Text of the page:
Ive been running some google searches on mistletoe lately to identify an interesting variety on a Myall tree not far away. Apparently, mistletoe doesn’t kill trees unless they are already doing poorly. Here are 3 excellent sources of info – Mistletoe Breaking the myths (nsw.gov.au) https://www.abc.net.au/everyday/the-misunderstood-magical-mistletoes-of-australia/11505510?utm_campaign=abc_everyday&utm_content=link&utm_medium=content_shared&utm_source=abc_everyday
Home > Gardens / CANBR > Plant Information > Plant Groups > Mistletoes > Mimicry ( copy & google )
Another source of advice re botanical questions for a few years now has been Patricia Gardner who writes interesting blogs with great photos at Toowoomba plants. She emailed this information – “A Canberra botanist, Paul Downey did research which revealed that mistletoe species have a much broader range of hosts than was once believed. You might be able to find the article with a search. The link I recorded no longer works. The article stated that Lysiana subfalcata has been recorded on:
You can see that its leaves certainly do not mimic some of these hosts. mimicking is a characteristic of mistletoes, but its far from universal. So you see it would not be at all surprising to find it on Acacia pendula (myall). I understand it has been a long-standing fault that botanists tend to collect mistletoe specimens without recording their hosts, which Downey said had resulted in a stronger belief in mistletoe leaf shape matching to hosts than is justified by the evidence”
*NOTE Myall/ Acacia pendula (maayaal, maayal, mayal) doesn’t appear on the list of trees Lysiana subfalcata has been seen growing on. Myall is a common tree in the Nth west of NSW and is found from North Qld down to Vic. About a third of the trees on that list are growing in this area. Here is the mistletoe that is found on all the Myall trees I have seen – Grey mistletoe or Amyema quandang:
And below is the only Myall tree Ive seen with Lysiana subfalcata growing on it. I know bugga all about mistletoe so it wasn’t the different variety that caught my eye but the way it is attached to the Myall tree. The junction between the tree & the mistletoe LOOKS LIKE A GRAFT !!! I think the gomilaroi people of this land have been moving mistletoe/ baan around different tree species for millennia. Not only because the flowers are sweet and the leaves medicinal but they attract birdlife to nest & feed as well as possums. ABORIGINAL PEOPLE WERE ACTIVE MANIPULATORS, NOT JUST PASSIVE BENEFICIARIES OF THEIR ENVIROMENTS
Now to the new (i.e new to me) sand slice on a neighbouring property. This triangular sand hill is a couple of ks away from the main paleo channel and not connected to it. I have been eyeing it off on Google earth for awhile & recently got permission to have a look around. There are a dozen TinTs Ive found so far on or near the sandslice. Below is a lovely low wilga TinT in the sand & nearby supplejack TinT on the edge of the red plains. Both hosts are bimble box – 1 large & the other relatively small but that could because of the different soil types they are growing in. Remember size doesn’t always match age on the sandhills of murra-manaarr!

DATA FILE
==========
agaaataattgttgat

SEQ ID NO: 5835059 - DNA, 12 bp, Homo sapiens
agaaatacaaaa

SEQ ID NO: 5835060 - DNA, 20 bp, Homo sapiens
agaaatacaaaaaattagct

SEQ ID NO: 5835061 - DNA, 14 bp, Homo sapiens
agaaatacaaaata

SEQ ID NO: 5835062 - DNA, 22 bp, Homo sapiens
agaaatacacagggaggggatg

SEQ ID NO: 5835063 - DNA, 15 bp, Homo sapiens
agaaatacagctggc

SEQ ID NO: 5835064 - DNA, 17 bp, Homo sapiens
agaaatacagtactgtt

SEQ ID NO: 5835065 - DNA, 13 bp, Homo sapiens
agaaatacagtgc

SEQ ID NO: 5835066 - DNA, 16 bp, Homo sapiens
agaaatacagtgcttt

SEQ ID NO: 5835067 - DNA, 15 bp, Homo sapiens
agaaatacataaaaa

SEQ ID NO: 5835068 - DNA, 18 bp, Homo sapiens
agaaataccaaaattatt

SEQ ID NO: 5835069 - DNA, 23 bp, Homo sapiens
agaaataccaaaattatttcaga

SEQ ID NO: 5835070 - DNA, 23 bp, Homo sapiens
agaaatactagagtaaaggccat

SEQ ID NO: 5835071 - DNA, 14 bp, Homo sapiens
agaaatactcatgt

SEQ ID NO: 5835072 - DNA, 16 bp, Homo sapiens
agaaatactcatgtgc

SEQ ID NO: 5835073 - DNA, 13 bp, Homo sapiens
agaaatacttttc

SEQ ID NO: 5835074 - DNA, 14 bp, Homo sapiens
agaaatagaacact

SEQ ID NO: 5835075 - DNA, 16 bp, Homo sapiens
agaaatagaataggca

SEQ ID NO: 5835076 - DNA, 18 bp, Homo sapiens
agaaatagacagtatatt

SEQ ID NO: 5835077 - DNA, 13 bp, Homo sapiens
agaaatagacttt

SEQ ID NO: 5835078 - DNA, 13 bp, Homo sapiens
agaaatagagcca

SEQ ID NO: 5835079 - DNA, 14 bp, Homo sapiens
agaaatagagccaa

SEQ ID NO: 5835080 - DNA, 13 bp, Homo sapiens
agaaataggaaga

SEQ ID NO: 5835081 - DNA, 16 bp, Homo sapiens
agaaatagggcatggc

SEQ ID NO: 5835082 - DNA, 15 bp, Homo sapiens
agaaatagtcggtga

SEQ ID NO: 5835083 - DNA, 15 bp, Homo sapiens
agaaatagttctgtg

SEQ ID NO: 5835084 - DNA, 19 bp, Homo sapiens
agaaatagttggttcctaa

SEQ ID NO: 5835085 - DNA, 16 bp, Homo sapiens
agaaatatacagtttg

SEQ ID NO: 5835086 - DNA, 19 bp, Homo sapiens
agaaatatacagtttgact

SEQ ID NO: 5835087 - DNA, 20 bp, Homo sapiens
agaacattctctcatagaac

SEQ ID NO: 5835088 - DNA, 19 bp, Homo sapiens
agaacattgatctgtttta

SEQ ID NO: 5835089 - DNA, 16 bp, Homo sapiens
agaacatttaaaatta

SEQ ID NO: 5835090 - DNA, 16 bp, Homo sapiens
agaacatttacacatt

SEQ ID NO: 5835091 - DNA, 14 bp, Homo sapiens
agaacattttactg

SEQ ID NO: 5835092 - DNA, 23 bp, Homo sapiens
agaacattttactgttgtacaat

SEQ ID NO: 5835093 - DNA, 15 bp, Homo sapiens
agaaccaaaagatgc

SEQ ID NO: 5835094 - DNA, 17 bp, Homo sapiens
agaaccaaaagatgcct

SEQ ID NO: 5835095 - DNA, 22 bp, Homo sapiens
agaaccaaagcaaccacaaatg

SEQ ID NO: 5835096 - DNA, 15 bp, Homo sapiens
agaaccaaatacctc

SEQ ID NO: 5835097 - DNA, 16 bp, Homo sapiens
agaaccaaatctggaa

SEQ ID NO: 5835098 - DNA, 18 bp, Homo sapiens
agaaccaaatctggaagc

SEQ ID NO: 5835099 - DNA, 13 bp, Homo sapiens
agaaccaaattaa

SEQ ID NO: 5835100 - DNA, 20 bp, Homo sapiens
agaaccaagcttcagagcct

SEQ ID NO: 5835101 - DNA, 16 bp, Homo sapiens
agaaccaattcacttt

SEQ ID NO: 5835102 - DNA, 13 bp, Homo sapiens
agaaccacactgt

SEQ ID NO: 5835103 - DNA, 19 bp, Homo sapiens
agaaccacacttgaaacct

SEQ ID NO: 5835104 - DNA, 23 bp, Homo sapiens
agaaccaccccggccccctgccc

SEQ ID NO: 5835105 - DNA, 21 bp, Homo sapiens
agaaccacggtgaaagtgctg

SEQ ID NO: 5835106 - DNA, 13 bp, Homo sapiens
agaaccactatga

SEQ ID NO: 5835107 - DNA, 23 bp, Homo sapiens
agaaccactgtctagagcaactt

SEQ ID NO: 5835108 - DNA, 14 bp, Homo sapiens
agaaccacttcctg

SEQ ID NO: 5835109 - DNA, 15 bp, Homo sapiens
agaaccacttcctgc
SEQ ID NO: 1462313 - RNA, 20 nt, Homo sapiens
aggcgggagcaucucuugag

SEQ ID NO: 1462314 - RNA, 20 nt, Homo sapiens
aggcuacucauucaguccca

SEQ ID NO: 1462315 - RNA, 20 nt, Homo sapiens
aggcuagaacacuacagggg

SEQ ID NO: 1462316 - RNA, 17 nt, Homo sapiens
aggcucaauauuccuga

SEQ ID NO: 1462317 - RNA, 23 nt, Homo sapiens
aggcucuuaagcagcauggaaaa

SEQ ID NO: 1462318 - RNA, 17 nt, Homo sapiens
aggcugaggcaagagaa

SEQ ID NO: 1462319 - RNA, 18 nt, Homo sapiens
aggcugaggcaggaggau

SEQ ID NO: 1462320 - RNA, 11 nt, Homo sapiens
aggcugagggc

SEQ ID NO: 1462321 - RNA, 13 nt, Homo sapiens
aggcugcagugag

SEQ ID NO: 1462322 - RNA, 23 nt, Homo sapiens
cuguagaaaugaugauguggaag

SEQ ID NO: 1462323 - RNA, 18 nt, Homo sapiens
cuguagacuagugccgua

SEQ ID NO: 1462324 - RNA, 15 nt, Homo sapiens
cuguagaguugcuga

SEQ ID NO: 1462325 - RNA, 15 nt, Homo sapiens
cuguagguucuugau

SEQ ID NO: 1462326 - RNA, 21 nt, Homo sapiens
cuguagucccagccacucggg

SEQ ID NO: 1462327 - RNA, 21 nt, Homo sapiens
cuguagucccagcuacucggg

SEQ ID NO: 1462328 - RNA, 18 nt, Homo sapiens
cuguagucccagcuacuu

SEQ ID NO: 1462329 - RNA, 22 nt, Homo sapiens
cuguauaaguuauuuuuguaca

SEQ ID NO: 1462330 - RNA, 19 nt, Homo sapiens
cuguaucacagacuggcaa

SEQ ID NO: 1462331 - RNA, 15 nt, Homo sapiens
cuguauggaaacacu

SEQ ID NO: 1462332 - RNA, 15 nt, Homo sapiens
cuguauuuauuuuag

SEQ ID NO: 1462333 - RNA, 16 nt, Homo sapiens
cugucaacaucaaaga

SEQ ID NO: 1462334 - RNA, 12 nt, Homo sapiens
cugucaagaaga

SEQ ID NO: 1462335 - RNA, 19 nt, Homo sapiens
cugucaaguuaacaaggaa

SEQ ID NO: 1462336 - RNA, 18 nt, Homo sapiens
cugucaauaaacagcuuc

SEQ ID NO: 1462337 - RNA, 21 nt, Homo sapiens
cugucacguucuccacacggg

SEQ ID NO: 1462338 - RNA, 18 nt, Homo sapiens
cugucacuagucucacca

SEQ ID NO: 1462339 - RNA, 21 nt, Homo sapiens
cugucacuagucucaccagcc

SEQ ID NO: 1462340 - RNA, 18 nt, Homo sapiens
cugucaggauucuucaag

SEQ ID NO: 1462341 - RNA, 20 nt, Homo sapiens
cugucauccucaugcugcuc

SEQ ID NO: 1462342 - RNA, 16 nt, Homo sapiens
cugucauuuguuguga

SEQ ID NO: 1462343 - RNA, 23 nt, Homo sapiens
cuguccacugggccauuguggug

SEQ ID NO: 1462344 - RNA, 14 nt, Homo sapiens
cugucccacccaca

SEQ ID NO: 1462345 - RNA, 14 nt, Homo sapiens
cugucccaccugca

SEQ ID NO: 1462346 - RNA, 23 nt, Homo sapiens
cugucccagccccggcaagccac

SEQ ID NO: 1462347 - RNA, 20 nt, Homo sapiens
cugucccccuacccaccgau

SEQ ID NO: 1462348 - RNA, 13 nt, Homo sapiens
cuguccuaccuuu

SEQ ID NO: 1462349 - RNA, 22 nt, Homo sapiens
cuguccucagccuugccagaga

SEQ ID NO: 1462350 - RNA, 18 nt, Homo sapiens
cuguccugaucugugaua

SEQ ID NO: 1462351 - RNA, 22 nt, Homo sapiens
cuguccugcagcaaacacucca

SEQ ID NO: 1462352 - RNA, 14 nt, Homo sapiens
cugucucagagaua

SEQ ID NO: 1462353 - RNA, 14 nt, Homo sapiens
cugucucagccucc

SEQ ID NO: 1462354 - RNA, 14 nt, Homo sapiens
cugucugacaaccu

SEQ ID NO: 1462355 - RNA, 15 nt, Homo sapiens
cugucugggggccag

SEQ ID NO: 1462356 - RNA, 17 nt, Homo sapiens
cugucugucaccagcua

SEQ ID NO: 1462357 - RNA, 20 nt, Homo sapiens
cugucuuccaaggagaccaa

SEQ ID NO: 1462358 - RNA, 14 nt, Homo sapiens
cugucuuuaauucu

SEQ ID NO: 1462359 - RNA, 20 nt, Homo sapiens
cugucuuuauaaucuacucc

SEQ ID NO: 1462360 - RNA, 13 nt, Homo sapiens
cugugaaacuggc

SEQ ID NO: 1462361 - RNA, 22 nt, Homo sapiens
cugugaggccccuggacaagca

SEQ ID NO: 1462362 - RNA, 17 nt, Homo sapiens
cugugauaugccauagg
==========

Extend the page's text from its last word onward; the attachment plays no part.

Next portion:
There is a low coolabah swamp to one side of the sandslice that has at least 4 ringtrees indicating a good water catchment.
A tank/dam has been sunk on this natural water catch with a very high double TinT growing near the bank. The Currant bush & Thorny saltbush guests are situated high up in a box tree which has also survived a poisoning attempt. We don’t count saltbush as guest despite its longevity but in this case its difficult to see why only the currant bush gets ‘guest’ status.
Lastly a couple of pics from a very old wailwun camp in the Ginghet Nature Reserve. There is a longstanding house tank/dam here & the 4 old wilga TinTs are within 100 metres from the water source & each other. I have used my elderly mother for perspective in this photo for both size & age. Im guessing these undeniably cultural TinT are at least twice as old as my mum? The box stump has not only been cut down with a stone axe but has been scorched around around one side as well. The other big wilga TinT guest is growing in a large split box that has been burnt on the inside only. Viewed on google earth these wailwun camps are found in the shallow box swamps along a very old water course. This tree line is the old river before the Ginghet which was the river that came before the Macquarie. The landscape has altered dramatically over the ages yet the wailwun people managed to adapt & thrive – quite astonishing really ….